US 4678452 A
A lubricant free low cost overload release clutch having a spring housing with an integral hub, a detector ring containing fixed detent bullets for engagement with springs in the housing on one side, and a bullet detent housing on the other side, together with spider cushion and shaft housing engaged for rotary turning with the bullet detent housing in response to the rotation of a shaft in the shaft housing. The release clutch responds to preset torque limits determined by spring tension. After a disengagement caused by excess torque, the clutch will reset by further rotation of the detent housing.
1. An overload release clutch assembly comprising
(a) a cylindrical spring housing and integral hub with a shaft mounted in the hub at a first end and an axially projecting integral shaft at a second end with a plurality of equally spaced spring seats at the periphery of the housing, each of sufficient depth to accommodate a coil spring and each having a groove exposing an upper portion of the spring seat through an outside wall of the spring housing;
(b) a detector ring having an annular opening sufficient to encompass the spring housing, the ring having an integral axially projecting flange with an inner and outer wall, multiple integrally connected bridging members joining a detent bullet to the inner wall, the bridging members corresponding in number and spacing to the spring seats;
(c) a bullet detent housing containing a central annular opening sufficient in diameter to accept the projecting shaft from the spring housing in a loaded mode and having on a first end engagable with the bullets, multiple shallow depressions corresponding in number and spacing to the detent bullets and on a second end, means for engaging a device for imparting rotary motion to the detent housing;
(d) means mounted on the end of the spring housing integral shaft for holding the spring housing, detector ring and bullet detent housing together; and
(e) a means for imparting rotary shaft motion to the detent housing.
2. An overload release clutch assembly according to claim 1 wherein the means for engaging a device for imparting rotary motion to the detent housing comprises three equally spaced jaws projecting axially away from a second end of the bullet detent housing.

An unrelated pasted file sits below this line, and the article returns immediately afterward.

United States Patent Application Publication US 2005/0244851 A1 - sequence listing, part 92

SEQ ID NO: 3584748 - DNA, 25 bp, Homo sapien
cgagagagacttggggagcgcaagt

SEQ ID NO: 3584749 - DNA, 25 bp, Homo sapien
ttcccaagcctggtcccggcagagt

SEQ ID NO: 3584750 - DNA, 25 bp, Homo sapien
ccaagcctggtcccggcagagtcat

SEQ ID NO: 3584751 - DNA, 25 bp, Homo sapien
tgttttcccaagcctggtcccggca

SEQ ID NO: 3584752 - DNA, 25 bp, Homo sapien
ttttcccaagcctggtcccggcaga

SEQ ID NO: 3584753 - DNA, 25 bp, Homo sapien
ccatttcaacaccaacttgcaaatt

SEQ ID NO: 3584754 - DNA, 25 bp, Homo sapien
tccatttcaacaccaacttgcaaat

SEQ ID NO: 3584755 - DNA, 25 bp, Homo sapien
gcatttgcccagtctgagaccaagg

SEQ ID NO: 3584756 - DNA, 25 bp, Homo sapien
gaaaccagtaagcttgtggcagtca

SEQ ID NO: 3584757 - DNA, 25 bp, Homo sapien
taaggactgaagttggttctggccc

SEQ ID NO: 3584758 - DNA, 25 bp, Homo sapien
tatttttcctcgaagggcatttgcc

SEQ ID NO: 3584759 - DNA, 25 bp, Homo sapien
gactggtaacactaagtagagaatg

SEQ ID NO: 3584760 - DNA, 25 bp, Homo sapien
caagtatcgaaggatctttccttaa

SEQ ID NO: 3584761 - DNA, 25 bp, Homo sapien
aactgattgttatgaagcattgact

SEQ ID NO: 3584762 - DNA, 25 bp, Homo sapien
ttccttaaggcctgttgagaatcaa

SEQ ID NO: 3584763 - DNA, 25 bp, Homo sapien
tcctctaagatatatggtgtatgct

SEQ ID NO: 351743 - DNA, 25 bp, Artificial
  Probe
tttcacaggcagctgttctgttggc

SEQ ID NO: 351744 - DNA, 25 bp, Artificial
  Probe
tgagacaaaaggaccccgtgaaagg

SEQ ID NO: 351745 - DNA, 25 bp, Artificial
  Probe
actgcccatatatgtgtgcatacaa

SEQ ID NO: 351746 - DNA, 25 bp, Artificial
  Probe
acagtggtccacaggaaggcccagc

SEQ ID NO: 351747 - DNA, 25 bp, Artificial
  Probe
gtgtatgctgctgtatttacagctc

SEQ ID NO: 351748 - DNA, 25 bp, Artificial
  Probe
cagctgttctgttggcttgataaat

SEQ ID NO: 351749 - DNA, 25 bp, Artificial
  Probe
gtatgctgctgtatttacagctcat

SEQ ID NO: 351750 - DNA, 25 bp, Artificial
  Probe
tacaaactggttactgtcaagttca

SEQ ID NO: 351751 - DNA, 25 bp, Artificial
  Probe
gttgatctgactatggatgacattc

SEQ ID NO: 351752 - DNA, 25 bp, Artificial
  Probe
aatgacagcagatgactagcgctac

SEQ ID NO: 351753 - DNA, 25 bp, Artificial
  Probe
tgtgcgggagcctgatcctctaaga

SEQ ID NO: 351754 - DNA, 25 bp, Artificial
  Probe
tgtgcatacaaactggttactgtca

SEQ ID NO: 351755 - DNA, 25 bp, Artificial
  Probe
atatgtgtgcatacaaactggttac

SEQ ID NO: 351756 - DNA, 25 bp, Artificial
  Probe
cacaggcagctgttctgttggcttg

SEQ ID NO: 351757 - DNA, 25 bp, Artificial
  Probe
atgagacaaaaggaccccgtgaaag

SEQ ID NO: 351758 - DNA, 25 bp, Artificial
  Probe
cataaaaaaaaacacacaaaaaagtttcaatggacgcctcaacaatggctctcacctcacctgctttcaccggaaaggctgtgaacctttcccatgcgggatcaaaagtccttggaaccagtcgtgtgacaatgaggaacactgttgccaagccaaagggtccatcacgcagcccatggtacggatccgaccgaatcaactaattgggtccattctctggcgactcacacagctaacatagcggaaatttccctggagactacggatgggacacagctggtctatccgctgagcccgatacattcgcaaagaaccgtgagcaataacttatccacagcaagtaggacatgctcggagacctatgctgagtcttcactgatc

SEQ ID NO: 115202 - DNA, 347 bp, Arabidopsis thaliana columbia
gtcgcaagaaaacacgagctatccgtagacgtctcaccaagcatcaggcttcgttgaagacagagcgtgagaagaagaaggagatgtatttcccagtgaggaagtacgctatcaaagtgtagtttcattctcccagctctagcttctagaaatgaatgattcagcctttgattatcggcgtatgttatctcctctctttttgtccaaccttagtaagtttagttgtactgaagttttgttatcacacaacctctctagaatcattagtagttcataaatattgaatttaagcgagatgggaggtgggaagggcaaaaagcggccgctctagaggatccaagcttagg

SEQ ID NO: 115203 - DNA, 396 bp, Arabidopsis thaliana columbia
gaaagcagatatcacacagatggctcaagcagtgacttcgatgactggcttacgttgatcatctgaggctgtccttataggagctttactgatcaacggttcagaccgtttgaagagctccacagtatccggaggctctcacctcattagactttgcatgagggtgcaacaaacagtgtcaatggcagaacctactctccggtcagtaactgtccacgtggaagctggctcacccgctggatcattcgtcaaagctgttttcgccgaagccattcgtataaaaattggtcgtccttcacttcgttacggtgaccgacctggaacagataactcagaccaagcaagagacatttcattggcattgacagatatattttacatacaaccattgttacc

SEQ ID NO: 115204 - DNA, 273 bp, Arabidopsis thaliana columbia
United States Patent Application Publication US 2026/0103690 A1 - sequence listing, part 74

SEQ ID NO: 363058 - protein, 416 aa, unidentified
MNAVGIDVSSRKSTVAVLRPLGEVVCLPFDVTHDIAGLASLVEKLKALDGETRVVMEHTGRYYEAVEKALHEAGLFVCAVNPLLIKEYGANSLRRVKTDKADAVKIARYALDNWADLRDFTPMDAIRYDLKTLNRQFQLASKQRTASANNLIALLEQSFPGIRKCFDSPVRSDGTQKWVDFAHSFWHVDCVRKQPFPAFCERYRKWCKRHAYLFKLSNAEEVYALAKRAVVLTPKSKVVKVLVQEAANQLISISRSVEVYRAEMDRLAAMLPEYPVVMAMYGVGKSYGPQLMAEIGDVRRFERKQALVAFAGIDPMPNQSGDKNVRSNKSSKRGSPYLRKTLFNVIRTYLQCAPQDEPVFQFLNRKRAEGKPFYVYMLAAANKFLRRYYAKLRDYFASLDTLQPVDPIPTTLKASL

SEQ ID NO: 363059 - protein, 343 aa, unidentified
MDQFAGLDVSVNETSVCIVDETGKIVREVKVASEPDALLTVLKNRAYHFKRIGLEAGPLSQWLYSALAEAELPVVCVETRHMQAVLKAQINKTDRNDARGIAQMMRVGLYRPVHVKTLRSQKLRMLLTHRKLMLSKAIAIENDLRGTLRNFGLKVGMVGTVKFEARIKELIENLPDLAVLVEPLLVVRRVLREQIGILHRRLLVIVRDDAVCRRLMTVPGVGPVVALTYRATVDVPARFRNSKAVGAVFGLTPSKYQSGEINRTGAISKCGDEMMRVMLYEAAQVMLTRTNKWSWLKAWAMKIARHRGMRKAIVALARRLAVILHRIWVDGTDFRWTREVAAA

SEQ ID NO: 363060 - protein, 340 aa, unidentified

3. An overload release clutch assembly according to claim 2 wherein the means for imparting rotary shaft motion to the detent housing comprises a spider cushion having six angularly spaced notches with integral outwardly radiating lugs between each notch and engaged in alternate notches a lug projecting from the detent housing located between each jaw of the detent housing, and on other alternate notches a lug from a shaft housing separating multiple jaws, the jaws of both the bullet detent housing and the shaft housing accommodating the spider lugs between them so that a rotating force exerted on the shaft housing will cause both the spider cushion and the detent housing to turn in a radial direction.
4. An overload release clutch assembly according to claim 1 wherein there are three spring seats in the spring housing, three bridging members with corresponding detent bullets on the detector ring and three shallow depressions on the first end of the detent housing.
5. An overload release clutch according to claim 1 wherein there are four spring seats in the spring housing, four bridging members with corresponding detent bullets on the detector ring and four shallow depressions on the first end of the detent housing.
6. An overload release clutch assembly comprising
(a) a cylindrical spring housing with an output shaft mounted within one end of the housing and an axially projecting integral shaft at the other end with multiple spring seats opening in the direction of the projecting shaft each containing a coil spring and a groove in the exterior wall of each spring seat,
(b) a detector ring containing multiple mounted bullet members mounted on an inner wall of the detector ring corresponding in space and number to the spring seats,
(c) a bullet detent housing having shallow depressions on a first end to accommodate the bullets and means for engaging a device for imparting rotary motion to the detent housing on the second end,
(d) means mounted on the end of the spring housing integral shaft for holding the spring housing detector ring and bullet detent housing together,
(e) and means for imparting rotary shaft motion to the detent housing.